Those prices – which climbed into the thousands of dollars, as widely reported – represented about 1 percent of the tickets listed on the Ticketmaster Verified Fan sale, but they became a sore point for fans who felt that they no longer had a shot at great seats after years of loyalty to the Boss.

By selling high-priced platinum tickets, Ticketmaster argues, the company can prevent the best seats from being bought and resold by scalpers. That money can instead go to Springsteen. However, this only works when the tickets cost enough to prevent scalpers from making a profit.

Sources tell Billboard that early numbers show that less than 10 percent of tickets sold for the five concerts that went on sale Wednesday ended up on the secondary market – lower than average – and that despite complaints about four-figure prices, only 1 percent of tickets were above $1,000.

Read the post on Billboard

Judge Rejects Spotify’s Privilegium Regale Theory, Ek Must Be Deposed Under Oath

By Chris Castle

Judge Trauger rejected Spotify’s theory of privilegium regale that would have protected Daniel Ek from being deposed in the Eight Mile Style case against Spotify and the Harry Fox Agency. His Danielness will now have to submit to deposition testimony under oath in the case that seeks to show Spotify failed to comply with their Title I of the Music Modernization Act as drafted by Spotify’s lobbyists and the regulations overseen by Spotify’s head DC government relations person.

The Judge ruled that Spotify was pushing a theory that the relevant rules applicable to the deposition should be more deferential to high level executives. As a matter of law. That hasn’t been true since Magna Carta. (In 1215 for those reading along at home.)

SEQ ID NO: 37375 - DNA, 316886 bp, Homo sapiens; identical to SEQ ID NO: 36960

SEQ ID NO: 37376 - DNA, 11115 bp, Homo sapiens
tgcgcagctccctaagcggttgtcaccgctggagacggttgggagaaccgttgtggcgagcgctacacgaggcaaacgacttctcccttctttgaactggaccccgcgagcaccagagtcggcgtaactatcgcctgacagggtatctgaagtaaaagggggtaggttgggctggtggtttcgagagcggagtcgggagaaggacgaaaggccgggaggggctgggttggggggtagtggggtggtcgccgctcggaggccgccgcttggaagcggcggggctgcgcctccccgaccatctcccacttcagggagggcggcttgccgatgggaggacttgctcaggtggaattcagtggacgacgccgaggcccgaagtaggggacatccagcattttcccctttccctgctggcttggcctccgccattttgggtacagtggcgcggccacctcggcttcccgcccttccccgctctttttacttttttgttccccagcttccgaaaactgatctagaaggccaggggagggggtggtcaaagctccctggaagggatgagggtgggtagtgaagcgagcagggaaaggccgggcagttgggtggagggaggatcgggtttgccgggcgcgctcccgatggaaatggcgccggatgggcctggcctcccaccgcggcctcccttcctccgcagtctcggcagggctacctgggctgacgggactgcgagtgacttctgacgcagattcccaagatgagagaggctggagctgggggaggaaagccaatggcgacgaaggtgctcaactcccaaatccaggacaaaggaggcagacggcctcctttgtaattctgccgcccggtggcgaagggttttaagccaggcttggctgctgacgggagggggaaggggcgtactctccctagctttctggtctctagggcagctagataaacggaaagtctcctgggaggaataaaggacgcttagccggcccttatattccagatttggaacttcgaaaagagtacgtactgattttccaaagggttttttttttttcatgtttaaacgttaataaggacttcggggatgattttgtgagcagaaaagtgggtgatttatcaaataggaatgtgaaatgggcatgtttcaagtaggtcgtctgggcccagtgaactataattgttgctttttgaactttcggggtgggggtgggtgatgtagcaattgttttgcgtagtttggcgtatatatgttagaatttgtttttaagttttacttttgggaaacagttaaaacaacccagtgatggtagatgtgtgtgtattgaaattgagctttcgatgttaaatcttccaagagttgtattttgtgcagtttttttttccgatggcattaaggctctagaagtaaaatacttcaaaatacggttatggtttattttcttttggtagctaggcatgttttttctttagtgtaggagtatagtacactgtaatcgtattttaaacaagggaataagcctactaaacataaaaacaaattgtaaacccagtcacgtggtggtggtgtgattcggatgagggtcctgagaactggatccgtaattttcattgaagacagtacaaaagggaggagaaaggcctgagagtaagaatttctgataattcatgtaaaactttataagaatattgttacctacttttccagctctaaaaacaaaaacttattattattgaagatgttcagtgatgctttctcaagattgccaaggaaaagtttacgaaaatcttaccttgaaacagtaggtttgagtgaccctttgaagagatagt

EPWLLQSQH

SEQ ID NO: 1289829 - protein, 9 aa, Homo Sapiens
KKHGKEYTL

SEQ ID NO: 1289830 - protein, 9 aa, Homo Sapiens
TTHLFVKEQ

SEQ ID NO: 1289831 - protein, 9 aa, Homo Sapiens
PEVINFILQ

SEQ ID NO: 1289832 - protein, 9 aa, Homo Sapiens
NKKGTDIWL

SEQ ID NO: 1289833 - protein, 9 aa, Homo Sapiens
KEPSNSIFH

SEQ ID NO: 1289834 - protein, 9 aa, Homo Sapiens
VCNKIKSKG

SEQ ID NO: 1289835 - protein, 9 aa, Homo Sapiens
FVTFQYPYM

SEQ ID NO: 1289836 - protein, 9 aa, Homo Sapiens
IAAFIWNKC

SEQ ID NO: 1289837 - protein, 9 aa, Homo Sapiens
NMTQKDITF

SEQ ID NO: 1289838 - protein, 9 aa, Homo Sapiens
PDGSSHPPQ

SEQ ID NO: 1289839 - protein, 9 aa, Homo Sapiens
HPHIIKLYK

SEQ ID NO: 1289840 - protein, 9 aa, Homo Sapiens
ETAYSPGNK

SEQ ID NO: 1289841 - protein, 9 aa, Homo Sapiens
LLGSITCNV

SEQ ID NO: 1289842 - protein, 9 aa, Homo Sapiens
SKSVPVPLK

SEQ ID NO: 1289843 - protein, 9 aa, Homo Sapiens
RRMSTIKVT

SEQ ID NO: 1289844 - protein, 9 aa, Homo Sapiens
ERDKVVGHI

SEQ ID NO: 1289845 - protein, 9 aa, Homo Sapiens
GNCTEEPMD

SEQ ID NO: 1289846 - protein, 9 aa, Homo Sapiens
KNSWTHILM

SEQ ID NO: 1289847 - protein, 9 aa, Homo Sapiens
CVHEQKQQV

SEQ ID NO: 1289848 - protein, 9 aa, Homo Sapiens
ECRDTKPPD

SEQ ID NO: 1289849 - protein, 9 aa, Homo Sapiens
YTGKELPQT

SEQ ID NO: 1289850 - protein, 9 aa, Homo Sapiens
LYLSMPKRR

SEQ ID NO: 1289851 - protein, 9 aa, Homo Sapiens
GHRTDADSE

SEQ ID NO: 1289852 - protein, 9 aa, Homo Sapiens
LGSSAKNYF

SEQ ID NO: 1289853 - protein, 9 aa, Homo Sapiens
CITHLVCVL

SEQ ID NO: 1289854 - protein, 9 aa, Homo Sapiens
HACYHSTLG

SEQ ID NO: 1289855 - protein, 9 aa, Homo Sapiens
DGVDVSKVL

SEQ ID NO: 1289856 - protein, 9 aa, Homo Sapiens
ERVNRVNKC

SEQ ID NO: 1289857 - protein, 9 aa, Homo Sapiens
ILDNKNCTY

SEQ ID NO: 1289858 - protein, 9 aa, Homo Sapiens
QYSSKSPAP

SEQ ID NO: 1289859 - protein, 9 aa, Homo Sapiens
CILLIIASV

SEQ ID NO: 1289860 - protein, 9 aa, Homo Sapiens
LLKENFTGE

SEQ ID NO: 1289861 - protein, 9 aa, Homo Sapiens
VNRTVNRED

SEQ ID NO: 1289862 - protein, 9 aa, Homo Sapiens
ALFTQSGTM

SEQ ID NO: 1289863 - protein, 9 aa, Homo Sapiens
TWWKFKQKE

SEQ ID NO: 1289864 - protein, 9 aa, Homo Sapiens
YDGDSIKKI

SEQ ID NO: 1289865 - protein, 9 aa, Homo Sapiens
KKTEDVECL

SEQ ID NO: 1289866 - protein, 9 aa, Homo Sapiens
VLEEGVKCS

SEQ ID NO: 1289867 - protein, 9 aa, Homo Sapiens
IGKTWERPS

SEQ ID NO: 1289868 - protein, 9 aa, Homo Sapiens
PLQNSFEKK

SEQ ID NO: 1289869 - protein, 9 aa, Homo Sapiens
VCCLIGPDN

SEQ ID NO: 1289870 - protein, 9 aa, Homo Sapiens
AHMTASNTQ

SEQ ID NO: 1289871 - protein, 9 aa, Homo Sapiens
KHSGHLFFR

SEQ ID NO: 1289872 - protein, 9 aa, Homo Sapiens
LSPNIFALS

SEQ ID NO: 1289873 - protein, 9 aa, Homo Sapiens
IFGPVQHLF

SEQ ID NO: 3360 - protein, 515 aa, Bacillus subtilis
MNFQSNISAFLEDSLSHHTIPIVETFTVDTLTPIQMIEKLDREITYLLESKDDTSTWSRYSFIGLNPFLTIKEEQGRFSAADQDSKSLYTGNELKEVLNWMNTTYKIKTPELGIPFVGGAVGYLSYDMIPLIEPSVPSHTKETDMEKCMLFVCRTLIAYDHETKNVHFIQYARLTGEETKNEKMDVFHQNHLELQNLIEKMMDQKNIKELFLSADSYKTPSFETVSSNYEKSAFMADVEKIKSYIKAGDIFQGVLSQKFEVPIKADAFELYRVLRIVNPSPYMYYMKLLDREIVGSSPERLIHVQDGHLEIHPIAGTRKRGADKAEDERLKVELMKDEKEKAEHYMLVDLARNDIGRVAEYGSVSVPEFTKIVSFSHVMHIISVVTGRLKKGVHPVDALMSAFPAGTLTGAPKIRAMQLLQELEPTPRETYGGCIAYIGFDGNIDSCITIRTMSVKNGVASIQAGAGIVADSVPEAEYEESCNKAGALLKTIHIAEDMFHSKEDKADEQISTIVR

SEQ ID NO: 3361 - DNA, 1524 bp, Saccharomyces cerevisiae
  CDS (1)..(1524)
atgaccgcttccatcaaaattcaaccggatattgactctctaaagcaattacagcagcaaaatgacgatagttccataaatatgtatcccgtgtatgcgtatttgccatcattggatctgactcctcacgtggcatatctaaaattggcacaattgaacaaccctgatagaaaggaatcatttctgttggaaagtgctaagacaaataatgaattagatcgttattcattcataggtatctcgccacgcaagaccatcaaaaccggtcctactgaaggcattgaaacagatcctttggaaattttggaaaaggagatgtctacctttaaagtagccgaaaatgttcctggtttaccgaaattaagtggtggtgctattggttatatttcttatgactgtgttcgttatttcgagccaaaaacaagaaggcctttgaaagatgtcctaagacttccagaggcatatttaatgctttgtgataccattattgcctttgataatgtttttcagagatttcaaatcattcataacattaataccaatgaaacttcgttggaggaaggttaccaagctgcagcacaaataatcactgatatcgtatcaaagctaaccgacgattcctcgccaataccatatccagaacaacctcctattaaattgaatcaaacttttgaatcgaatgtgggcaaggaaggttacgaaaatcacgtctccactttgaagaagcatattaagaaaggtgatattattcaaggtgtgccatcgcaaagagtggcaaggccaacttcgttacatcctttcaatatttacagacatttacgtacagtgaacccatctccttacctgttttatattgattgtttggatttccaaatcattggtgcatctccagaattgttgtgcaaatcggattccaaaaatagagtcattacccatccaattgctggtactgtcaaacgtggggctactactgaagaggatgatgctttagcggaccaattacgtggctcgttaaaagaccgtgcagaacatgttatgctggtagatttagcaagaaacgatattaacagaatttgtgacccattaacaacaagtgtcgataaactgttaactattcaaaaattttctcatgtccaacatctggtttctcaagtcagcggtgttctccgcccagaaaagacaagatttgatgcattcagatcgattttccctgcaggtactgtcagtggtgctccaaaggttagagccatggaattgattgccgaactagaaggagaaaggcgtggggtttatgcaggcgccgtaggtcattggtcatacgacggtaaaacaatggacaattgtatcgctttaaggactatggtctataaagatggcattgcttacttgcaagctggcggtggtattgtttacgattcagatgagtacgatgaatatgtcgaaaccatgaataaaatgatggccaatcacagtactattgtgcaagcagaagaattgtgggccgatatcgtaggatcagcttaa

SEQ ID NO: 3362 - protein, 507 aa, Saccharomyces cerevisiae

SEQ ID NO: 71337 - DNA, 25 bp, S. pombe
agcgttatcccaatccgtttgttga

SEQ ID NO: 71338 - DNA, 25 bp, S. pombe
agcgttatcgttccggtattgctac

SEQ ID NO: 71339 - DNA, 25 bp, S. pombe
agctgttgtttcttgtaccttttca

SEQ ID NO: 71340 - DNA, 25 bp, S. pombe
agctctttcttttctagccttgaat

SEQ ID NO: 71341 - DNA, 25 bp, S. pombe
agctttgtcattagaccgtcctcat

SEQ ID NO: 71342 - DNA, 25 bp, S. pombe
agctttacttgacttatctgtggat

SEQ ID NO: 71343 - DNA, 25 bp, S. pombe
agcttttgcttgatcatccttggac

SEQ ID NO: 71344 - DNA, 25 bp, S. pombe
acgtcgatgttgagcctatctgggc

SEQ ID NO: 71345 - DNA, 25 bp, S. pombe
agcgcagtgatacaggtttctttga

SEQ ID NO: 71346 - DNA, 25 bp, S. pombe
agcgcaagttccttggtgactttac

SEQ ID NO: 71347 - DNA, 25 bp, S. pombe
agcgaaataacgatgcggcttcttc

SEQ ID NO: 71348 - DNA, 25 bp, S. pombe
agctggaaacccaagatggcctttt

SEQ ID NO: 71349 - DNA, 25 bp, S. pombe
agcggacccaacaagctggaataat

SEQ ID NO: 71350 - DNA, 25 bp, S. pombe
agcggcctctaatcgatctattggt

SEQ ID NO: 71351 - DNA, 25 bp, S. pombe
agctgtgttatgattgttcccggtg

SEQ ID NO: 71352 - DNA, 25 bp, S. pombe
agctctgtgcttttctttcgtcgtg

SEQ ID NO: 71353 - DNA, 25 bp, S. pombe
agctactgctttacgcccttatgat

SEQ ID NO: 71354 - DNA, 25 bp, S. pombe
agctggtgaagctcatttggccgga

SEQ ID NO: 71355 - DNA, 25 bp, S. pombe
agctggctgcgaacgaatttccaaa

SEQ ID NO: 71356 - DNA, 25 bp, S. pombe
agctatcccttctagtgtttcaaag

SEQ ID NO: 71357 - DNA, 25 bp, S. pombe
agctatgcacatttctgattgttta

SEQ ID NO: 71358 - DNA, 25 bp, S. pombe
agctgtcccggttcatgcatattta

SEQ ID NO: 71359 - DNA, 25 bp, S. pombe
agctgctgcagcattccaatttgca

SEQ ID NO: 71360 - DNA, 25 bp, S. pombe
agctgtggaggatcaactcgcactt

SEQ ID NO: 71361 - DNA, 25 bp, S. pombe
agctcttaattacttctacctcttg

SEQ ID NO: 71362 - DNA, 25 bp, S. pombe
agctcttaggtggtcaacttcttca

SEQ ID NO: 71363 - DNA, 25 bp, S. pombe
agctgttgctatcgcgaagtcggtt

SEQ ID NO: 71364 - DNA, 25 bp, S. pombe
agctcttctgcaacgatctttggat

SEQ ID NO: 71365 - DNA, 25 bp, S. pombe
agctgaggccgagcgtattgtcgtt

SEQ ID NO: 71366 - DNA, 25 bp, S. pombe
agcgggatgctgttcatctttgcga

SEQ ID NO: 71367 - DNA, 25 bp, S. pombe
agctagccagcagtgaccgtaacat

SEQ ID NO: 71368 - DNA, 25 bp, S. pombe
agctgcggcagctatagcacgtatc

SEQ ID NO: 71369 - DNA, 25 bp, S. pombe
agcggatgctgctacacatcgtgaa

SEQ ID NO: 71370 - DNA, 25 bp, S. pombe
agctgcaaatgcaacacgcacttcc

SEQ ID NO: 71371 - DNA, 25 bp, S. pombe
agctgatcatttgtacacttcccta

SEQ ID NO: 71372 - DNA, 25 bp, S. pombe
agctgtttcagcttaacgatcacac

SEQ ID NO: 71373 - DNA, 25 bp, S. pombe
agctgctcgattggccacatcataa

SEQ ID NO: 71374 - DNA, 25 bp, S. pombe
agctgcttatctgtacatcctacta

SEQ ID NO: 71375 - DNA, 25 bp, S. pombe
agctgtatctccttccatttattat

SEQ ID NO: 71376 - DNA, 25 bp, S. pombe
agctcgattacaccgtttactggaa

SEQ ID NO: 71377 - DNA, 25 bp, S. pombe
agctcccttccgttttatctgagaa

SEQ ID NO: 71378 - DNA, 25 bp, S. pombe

Oopsie.

Needless to say but I’ll say it, it will be an absolute side splitter if Spotify ends up losing the safe harbor they drafted into US Copyright Law to protect themselves from songwriters seeking justice. And then there’s the HFA issue–you know, the ones that are backend for the MLC that can’t match $500,000,000 of other people’s money.

Stay tuned kids.

@davidclowery is back at the Supreme Court, this time with added Attorneys General

David is petitioning the Supreme Court of the United States to stop Google’s cy pres payola system of class action settlements. This is David’s third trip to the Supreme Court. This time, 21 state attorneys general agree. Read their friend of the court brief here. The Court has not granted a hearing yet, but we’ll be keeping an eye on it.

More to come on this topic.

Must See Documentary: The Way the Music Died: Why You Should #DitchSpotify

Big thanks to Jon at Camden Live for posting about this really important documentary about the deep, down and dirty effects of Spotify on music, musicians and the creative process.